Trying to view this problem from this position is hard to do. Of course the earth could never do this, but Einsteins theory permits us to say it does because there is no preferred reference frame. What you are doing is looking at only the results from one of the twins reference frame. Doesn’t the other twin have the right to claim that it was him that was stationary instead of being the traveling one?

Forget the rocket and earth example for a moment. Imagine both twins being in outer space looking at each other. Pick one of the twins, A or B, and do the mind experiment, ie. twin travels away from the other and returns later. You get the results you mentioned, twins no longer have the same age (the clocks are no longer synchronized) but the traveling twin is younger than the stay-at-home twin (the traveling clock lags behind the stay-at-home clock).

Now redo the same experiment using the other twin as the traveling twin. When this twin returns home you again have the same results as above. Compare the results from both twins trips. How can you say which one is older or which one experienced time dilation. How can one twin be any different from the other? They both traveled the exact same path, distance, time, speed etc. So which one is older?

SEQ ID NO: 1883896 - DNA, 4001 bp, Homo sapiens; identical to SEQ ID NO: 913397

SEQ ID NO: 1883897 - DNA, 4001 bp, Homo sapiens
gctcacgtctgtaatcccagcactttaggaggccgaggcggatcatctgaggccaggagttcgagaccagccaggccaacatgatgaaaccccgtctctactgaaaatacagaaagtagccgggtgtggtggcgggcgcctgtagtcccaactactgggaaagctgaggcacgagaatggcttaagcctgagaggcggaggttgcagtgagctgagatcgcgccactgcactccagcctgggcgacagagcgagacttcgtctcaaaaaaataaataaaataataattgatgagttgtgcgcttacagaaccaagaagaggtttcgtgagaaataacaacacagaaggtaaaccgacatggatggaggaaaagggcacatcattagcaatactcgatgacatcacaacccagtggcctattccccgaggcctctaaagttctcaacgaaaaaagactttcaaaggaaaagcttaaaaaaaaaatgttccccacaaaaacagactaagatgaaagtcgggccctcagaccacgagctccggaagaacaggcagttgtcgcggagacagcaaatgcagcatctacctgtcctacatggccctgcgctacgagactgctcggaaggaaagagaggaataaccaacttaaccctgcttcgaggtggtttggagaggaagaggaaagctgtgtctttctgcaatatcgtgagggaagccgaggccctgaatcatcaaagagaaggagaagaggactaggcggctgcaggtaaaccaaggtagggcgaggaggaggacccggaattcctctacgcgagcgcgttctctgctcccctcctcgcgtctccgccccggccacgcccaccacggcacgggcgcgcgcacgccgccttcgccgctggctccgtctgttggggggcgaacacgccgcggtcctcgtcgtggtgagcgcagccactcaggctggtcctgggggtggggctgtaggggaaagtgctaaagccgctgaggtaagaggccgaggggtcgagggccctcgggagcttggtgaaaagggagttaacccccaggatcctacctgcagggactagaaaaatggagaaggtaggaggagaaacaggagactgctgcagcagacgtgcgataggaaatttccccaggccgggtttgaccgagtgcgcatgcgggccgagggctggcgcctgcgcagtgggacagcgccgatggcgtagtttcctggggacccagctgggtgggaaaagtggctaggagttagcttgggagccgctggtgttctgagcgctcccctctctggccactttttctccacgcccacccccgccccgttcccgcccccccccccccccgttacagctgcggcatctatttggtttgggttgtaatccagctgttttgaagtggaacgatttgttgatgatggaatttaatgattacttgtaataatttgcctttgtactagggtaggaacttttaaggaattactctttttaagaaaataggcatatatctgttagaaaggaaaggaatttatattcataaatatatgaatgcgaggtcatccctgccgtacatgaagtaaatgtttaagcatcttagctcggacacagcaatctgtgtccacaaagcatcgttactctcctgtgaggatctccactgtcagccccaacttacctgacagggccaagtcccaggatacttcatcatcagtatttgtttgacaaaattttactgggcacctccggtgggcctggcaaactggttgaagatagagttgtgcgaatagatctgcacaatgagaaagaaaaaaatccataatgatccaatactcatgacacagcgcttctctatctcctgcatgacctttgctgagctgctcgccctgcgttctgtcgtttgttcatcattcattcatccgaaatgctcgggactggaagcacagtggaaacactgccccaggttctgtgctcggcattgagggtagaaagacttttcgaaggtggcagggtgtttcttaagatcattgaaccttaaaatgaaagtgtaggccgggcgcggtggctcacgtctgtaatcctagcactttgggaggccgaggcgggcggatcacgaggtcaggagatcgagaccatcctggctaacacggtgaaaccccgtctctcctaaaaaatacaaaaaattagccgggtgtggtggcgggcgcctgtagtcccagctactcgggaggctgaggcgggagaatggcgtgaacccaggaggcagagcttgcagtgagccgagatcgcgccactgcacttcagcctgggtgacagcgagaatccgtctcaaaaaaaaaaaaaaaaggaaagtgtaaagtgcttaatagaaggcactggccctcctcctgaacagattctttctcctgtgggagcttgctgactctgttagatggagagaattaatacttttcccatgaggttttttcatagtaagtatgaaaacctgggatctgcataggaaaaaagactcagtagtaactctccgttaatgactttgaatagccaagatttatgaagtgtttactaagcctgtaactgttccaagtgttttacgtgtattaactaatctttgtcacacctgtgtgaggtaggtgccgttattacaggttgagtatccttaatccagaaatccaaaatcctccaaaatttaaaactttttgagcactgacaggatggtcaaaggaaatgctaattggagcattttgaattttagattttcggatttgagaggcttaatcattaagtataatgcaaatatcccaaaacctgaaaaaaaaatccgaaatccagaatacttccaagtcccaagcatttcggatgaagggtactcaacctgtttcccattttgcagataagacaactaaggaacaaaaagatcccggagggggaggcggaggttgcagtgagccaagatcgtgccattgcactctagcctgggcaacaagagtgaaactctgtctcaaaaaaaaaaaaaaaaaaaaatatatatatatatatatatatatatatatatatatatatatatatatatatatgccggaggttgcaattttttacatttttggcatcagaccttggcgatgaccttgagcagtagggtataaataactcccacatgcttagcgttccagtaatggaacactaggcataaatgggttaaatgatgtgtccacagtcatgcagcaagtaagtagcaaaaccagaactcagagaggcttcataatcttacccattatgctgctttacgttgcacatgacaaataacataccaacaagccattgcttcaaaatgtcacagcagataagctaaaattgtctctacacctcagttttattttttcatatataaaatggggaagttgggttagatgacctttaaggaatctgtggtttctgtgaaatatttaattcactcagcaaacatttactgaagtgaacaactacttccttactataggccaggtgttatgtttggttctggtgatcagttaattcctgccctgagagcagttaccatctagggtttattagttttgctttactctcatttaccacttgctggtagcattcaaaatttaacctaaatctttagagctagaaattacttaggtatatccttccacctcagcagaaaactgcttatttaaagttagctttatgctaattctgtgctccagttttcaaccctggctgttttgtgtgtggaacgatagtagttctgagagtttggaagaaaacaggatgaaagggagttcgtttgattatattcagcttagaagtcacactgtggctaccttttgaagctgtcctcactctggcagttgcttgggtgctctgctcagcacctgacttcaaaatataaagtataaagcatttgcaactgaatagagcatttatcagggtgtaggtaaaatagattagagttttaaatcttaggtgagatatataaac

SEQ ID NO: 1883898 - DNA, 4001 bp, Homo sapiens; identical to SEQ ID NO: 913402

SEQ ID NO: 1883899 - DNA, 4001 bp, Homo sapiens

The confusion for the relativity theory is that Einstein claims, in his first postulate:

- The laws of physics work equally well for any inertial reference frame

- There is no preferred inertial reference frame.

Einstein wrote the theory. I just find it very interesting that people don’t understand what he is actually saying and the implications it causes.

A simple explanation of the first postulate could be: The laws of physics work equally well in any inertial reference frame and you can’t arbitrarily pick the inertial reference field you like and disregard the other.

So think about your comment above. Are you arbitrarily picking the twin at home?

@Walter

Sorry about the long response time.

The fact you bring up, that there is no preferred frame, is true. The fact that from each of their perspectives the other experiences less time is also true (although understanding how that works is a little tricky).